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Finland's largest paper praises Taiwan's pandemic response

Helsingin Sanomat explains Taiwan's successful epidemic prevention measures

Taiwanese have been able to live normal lives despite coronavirus pandemic.

Taiwanese have been able to live normal lives despite coronavirus pandemic. (CNA photo)

TAIPEI (Taiwan News) — Finland's largest newspaper "Helsingin Sanomat" on Sunday (Feb. 7) published a piece on Taiwan’s pandemic response, which has allowed Taiwanese to live normal lives despite the coronavirus.

Titled "It’s not that life’s pleasures are prohibited everywhere," the article features four large color pictures, each with accompanying text explaining Taiwan's successful epidemic prevention measures.

The report pointed out that Taiwan has a population of nearly 24 million, but less than a thousand confirmed cases and single-digit deaths. Restaurants, schools, work, and leisure and entertainment venues are still operating as they did before the outbreak, CNA reported.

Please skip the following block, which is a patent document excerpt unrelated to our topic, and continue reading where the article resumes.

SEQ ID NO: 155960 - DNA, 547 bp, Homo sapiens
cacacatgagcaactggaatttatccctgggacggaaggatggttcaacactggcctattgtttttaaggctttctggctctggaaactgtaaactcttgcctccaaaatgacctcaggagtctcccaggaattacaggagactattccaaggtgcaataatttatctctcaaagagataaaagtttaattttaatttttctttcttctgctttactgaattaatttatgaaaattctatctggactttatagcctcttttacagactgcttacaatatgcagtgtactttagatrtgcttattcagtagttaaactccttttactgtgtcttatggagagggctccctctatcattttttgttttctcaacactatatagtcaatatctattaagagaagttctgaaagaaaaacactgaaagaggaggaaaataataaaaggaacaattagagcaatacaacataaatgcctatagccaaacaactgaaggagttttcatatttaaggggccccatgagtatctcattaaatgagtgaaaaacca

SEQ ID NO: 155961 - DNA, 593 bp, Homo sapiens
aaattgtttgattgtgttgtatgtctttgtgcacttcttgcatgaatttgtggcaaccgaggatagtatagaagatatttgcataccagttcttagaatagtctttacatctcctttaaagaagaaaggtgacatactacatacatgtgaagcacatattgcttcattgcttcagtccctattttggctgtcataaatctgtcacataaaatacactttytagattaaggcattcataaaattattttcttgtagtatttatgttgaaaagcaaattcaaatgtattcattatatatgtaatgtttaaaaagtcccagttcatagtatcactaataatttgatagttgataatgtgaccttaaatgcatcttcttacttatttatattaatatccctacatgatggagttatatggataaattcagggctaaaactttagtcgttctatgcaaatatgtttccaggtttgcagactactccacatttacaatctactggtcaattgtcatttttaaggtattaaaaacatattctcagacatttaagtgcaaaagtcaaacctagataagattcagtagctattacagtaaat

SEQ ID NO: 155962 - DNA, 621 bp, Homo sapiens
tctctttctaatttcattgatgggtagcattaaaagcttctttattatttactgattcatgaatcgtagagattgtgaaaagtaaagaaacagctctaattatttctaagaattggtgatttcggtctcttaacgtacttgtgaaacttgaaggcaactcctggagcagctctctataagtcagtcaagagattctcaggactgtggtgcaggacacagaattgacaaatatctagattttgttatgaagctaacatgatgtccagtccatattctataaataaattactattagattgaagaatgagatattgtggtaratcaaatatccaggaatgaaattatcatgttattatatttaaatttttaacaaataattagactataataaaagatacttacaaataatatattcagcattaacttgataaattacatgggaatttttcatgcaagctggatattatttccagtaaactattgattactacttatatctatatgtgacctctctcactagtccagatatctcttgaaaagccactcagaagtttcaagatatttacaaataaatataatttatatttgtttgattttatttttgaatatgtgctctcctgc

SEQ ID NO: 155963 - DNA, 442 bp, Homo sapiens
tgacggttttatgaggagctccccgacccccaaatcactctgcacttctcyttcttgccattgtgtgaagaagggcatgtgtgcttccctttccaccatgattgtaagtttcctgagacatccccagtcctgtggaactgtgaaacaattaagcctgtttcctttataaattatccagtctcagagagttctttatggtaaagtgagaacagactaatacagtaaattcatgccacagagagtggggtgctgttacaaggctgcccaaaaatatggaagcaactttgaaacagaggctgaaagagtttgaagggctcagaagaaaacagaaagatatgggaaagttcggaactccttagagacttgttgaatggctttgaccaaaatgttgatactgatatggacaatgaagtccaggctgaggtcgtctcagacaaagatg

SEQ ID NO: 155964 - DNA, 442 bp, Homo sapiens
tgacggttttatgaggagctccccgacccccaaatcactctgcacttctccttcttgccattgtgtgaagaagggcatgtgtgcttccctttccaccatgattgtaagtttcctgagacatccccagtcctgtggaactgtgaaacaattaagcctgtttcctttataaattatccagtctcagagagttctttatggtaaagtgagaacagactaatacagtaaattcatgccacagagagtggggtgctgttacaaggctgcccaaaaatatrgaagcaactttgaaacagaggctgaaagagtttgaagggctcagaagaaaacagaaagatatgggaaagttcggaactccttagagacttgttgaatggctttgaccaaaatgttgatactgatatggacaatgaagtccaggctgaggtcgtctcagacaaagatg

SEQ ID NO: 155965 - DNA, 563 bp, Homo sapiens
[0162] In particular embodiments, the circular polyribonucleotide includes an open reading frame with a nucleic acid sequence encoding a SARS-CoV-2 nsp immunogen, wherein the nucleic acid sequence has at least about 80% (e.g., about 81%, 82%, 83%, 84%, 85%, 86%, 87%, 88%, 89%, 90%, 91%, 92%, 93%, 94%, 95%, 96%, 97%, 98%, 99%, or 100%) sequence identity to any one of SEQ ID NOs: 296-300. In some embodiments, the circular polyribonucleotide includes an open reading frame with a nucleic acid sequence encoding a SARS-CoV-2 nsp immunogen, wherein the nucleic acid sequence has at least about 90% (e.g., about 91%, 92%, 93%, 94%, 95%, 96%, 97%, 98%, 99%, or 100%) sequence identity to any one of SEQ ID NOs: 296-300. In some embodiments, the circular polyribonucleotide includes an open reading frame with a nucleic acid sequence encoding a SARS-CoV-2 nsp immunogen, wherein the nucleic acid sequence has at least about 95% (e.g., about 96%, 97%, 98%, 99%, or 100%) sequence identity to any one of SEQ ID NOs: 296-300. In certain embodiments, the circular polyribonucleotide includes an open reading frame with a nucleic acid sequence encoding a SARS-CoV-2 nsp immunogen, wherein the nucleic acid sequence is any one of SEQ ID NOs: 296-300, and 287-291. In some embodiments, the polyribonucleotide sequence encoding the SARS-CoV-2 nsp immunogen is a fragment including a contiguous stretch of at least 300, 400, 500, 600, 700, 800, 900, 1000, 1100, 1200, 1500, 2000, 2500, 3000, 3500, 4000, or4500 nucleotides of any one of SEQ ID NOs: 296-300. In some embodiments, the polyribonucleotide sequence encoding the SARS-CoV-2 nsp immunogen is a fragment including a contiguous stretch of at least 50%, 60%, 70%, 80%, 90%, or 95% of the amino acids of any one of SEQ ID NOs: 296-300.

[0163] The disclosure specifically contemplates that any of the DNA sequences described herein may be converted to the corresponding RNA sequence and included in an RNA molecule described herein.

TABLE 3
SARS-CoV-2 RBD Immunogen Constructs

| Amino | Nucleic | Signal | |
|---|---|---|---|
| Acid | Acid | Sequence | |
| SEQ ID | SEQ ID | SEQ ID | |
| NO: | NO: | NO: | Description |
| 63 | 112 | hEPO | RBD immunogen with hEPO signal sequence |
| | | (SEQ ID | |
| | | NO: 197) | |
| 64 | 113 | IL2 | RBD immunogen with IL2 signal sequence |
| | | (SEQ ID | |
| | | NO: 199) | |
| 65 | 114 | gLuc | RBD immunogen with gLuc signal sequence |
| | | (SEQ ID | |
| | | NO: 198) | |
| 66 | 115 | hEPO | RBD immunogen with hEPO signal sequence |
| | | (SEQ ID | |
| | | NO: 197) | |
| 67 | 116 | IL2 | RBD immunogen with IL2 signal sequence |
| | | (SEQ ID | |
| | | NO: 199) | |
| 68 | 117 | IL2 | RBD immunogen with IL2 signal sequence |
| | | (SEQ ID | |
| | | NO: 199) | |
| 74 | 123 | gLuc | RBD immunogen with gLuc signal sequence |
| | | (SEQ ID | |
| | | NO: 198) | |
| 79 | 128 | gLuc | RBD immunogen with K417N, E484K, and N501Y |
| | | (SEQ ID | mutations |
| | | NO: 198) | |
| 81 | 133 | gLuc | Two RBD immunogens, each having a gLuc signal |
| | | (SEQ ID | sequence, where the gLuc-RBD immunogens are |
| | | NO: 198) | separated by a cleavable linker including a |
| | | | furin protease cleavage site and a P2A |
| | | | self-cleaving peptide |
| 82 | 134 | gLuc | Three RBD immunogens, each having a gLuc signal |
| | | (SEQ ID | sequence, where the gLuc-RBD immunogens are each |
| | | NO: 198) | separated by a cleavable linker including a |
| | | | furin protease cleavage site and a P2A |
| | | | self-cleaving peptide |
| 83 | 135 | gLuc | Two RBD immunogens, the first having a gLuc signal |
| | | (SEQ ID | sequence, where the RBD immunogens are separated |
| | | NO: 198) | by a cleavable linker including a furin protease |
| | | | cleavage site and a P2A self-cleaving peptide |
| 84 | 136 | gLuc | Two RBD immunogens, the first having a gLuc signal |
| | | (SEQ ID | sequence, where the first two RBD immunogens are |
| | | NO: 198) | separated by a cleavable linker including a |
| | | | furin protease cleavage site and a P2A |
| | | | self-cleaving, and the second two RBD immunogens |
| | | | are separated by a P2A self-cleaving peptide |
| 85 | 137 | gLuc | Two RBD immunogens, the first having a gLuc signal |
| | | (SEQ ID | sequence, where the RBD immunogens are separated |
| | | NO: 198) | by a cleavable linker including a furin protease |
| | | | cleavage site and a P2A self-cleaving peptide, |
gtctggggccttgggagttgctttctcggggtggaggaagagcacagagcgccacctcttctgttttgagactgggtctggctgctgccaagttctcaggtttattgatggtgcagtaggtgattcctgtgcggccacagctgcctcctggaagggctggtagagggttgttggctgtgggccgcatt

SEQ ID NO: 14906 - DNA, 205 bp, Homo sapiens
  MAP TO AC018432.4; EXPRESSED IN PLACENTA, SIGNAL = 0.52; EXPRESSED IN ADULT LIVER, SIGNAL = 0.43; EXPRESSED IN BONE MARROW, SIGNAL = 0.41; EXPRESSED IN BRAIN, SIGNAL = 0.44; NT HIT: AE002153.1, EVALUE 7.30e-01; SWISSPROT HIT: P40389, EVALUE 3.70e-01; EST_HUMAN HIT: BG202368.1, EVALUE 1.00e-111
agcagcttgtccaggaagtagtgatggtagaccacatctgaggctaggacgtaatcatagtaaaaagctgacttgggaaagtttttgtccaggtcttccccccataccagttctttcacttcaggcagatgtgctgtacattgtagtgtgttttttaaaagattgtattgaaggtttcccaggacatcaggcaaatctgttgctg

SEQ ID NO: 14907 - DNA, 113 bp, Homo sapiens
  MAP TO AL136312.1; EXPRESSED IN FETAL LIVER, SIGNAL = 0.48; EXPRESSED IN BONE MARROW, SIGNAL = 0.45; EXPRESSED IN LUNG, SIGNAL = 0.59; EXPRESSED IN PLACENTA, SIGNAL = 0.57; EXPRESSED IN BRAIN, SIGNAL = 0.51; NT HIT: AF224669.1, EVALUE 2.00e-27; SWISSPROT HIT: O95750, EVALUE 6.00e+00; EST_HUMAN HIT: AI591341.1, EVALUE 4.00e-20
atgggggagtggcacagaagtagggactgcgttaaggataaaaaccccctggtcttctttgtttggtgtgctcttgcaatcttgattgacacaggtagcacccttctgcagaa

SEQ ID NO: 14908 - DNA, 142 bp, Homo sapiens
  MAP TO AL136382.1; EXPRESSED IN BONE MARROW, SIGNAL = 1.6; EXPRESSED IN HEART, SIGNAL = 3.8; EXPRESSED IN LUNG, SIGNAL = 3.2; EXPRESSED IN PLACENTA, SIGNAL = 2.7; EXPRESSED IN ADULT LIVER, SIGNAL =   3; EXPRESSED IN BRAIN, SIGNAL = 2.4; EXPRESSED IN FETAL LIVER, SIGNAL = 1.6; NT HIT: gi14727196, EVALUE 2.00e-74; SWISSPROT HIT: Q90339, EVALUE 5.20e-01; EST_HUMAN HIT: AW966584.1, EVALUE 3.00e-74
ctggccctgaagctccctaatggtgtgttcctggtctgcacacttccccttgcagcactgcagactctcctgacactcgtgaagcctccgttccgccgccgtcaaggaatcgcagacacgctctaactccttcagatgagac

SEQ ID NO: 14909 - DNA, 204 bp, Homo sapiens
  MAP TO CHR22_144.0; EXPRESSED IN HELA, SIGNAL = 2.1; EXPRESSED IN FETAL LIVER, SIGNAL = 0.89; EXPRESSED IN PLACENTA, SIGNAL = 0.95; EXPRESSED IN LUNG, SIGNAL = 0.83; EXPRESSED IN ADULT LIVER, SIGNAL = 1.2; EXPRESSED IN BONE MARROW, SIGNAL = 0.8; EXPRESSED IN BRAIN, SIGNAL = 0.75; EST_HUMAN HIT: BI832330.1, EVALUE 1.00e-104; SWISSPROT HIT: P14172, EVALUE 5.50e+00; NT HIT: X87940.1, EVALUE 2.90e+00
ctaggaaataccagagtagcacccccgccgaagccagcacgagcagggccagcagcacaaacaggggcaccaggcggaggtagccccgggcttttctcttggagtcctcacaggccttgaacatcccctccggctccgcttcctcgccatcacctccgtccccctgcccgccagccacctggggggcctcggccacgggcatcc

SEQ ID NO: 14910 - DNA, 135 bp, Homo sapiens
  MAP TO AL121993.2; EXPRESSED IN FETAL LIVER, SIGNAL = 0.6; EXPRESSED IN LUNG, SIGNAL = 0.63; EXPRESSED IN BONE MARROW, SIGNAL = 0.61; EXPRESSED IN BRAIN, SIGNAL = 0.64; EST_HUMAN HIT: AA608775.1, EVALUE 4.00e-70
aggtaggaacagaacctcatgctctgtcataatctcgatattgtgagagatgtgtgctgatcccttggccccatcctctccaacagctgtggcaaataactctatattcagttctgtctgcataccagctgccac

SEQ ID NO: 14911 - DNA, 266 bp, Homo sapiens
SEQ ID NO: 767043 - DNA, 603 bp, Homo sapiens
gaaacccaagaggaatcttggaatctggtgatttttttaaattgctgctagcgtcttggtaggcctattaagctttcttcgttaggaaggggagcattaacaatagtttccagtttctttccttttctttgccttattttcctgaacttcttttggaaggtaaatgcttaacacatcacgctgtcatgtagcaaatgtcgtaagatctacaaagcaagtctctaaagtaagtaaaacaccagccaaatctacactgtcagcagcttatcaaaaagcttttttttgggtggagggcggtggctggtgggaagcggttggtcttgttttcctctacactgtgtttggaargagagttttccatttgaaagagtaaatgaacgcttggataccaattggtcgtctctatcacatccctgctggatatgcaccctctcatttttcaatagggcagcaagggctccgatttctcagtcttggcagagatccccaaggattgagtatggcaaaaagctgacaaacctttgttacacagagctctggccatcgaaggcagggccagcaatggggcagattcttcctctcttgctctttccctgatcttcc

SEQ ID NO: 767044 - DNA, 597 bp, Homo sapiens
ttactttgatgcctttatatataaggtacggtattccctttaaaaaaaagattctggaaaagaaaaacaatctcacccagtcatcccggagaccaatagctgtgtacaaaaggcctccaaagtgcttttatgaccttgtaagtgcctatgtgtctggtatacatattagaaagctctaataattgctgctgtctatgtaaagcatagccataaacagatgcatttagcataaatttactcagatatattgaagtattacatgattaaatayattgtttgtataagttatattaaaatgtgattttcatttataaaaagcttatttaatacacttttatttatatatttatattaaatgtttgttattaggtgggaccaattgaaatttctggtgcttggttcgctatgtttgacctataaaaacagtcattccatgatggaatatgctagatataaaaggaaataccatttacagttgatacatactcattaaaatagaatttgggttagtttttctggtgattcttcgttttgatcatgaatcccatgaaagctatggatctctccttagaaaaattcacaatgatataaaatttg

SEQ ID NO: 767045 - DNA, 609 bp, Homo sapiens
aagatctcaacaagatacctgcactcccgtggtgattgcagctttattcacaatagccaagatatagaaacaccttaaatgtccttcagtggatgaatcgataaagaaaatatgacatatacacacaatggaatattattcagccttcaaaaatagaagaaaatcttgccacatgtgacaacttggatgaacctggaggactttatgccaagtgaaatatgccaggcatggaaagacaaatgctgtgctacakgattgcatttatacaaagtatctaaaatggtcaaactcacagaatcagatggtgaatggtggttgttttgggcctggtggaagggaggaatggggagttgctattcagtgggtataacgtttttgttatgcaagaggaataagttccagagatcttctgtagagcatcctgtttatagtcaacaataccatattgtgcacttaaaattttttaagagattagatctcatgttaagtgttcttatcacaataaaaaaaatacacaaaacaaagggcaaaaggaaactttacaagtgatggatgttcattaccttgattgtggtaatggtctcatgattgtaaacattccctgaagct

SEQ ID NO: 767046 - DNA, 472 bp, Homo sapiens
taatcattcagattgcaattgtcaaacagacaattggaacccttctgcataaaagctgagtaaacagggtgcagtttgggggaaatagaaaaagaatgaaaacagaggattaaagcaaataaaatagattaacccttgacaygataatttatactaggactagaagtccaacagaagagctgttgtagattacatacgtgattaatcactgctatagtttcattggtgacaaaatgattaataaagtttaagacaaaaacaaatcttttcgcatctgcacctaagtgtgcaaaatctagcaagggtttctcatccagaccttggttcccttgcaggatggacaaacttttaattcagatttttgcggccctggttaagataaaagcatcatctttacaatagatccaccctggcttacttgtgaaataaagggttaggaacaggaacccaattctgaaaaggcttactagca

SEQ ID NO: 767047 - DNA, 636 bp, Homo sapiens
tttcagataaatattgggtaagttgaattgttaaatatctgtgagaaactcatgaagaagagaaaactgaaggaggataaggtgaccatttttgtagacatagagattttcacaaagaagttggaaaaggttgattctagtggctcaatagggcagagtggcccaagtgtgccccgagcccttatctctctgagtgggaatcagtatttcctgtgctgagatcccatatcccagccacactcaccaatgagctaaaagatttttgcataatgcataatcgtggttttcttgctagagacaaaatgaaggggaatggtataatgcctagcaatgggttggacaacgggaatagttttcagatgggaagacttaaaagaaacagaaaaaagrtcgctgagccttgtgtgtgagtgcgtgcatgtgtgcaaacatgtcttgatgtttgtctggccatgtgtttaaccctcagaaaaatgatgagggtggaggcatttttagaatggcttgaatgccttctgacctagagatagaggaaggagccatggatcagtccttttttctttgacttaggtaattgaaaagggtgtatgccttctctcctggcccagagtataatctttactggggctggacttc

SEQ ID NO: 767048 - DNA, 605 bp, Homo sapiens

Taiwan learned from the 2003 severe acute respiratory syndrome (SARS) outbreak that killed more than 70 Taiwanese. When the coronavirus began spreading in China at the end of 2019, Taiwan immediately took action to stop it from entering the nation. The Taiwanese government provided clear and specific information on epidemic prevention, and the public followed its instructions, including mask-wearing policies, so that Taiwan's economy and daily life were not significantly affected.

The article showed Helsinki Daily’s Asia correspondent spending a day in Taipei by enjoying a spa facial treatment, massage, eating at a restaurant, visiting a museum, and watching a live performance. Meanwhile, in contrast, curfews and lockdowns have been imposed in many countries around the world.

Helsingin Sanomat is Finland's largest and most-read newspaper with a circulation of about 500,000. It is an influential publication, with many of the country’s dignitaries reading it daily.

At the time of publication, Finland has had a total of 47,616 confirmed cases and 684 deaths. About 30 percent of the population has been vaccinated so far.